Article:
On 1 April 2017, the amount of money suppliers can charge a domestic prepayment meter (PPM) customer per unit of energy became subject to a prepayment price cap.
We extended the prepayment price cap to a further one million vulnerable customers in receipt of the government’s Warm Home Discount on 2 February 2018 (under the label of a ‘safeguard tariff’). Customers who get the Warm Home Discount and are on a standard variable or default tariff were price protected at the level of the prepayment price cap for these tariffs until the end of 2018, after which they were transferred to the default tariff price cap.
Suppliers can charge less than the set level of the prepayment meter price cap, but not more. It doesn’t cap the total cost of a bill. That’s because the amount customers pay also depends on how much gas or electricity they’ve used.
The prepayment meter price cap is one of the remedies introduced following the Competition and Markets Authority’s (CMA) investigation into the energy markets. It's temporary, and is due to expire at the end of 2020 when the smart meter rollout is expected to complete. It covers all domestic prepayment customers (except those with a fully interoperable smart meter).
On 19th July, the Domestic Gas and Electricity (Tariff Cap) Act 2018 came into force. This legislation requires the introduction of a temporary tariff cap for customers on Standard Variable (SVT) and default tariffs (the ‘default tariff cap’). On 6 November 2018, we announced our decision on our methodology to set the cap.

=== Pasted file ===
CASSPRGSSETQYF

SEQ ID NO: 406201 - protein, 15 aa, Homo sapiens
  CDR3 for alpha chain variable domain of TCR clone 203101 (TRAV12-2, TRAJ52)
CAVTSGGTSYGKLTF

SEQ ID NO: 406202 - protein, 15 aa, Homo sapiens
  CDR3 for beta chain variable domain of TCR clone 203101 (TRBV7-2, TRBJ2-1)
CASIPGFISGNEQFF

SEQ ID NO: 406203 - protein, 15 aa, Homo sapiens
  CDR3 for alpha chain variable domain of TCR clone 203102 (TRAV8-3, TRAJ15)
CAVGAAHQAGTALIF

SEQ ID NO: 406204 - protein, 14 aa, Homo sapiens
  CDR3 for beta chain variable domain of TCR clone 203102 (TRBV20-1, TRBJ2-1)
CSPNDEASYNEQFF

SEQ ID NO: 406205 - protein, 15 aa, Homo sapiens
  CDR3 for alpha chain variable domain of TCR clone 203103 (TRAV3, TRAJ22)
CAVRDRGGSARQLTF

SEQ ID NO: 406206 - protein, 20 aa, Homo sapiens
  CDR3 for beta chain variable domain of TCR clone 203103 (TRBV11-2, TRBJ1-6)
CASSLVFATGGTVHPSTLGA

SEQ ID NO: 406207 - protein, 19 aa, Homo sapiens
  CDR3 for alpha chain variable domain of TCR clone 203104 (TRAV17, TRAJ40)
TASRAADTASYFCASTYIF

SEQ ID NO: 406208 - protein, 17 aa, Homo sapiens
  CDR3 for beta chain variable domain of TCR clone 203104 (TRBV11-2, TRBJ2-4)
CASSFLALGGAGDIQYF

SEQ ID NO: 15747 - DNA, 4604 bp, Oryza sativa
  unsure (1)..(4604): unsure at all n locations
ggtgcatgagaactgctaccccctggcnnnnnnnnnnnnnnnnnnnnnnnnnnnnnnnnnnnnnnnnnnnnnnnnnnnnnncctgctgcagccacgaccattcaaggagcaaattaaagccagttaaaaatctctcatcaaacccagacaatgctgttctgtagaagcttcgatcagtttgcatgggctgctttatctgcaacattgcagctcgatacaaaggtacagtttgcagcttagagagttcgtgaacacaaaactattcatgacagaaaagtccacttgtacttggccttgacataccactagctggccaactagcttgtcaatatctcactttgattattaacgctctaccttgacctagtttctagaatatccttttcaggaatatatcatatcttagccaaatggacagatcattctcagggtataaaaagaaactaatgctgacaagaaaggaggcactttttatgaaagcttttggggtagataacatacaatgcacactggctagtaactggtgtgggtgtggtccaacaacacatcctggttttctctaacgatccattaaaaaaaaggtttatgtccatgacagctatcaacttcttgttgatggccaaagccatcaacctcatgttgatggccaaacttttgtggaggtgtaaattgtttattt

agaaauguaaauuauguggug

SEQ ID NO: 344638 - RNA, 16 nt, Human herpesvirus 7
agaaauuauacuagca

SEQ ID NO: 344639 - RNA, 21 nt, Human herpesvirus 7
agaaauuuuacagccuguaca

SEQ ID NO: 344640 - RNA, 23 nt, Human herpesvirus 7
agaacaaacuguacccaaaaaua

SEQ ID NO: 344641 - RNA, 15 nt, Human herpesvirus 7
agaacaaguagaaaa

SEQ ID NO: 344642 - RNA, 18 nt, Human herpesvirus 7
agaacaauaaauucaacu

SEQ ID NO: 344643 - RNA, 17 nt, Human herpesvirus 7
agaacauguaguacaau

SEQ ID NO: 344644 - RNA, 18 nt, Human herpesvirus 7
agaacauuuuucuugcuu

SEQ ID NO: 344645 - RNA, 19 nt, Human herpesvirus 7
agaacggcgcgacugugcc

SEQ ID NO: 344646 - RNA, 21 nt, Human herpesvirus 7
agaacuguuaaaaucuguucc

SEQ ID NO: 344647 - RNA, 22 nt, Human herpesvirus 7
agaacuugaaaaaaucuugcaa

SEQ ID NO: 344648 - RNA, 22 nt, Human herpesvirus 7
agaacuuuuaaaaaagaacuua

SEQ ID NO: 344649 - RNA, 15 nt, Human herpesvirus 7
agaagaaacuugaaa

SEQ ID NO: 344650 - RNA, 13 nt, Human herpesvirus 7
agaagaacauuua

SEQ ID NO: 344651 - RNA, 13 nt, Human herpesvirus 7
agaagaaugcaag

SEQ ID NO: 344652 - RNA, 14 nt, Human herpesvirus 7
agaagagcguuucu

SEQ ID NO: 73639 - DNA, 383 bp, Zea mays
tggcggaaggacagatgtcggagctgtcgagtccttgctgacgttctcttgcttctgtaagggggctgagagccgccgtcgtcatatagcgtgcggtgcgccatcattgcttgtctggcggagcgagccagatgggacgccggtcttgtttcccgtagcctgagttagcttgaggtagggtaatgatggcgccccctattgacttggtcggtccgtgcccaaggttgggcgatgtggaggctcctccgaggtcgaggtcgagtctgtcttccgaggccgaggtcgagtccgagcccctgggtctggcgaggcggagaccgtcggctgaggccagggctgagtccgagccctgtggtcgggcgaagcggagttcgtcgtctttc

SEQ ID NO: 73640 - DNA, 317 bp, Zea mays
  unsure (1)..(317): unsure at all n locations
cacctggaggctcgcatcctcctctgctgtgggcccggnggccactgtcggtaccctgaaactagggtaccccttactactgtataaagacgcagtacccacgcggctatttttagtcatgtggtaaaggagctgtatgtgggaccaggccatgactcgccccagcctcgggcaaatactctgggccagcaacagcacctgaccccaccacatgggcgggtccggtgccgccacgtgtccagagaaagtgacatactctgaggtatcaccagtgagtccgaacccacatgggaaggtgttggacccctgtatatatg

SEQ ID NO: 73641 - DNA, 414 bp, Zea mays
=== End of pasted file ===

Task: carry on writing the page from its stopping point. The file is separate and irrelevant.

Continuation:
The default tariff cap came into effect on 1 January 2019, bringing further price protection for all customers on poor value standard variable and default tariffs. More information can be found here.
Prepayment meter price cap levels
Ofgem is responsible for administering the prepayment price cap. The level of the cap will be updated on 1 April and 1 October each year.
At the beginning of every February and August, we publish the details of the cap for the forthcoming charge restriction period. We publish separate levels of the cap for each region and meter type, calculated using a methodology designed by the CMA. This methodology sets the level of the cap based on calculations of: wholesale costs, network costs, policy costs, operating costs, and costs specifically associated with prepayment meters. It also includes a degree of ‘headroom’, which is designed to allow suppliers to offer competitive deals underneath the cap.
The update on 1 April 2019 will increase the dual fuel cap by £106 from its previous level. This is at current typical domestic consumption levels, which are different from the CMA model consumption levels.
Further guidance for suppliers
Suppliers looking for additional guidance on how to use the latest prepayment meter price cap levels to ensure that their prepayment tariffs comply with the cap should refer to the document on our page prepayment meter price cap - reporting template and FAQ.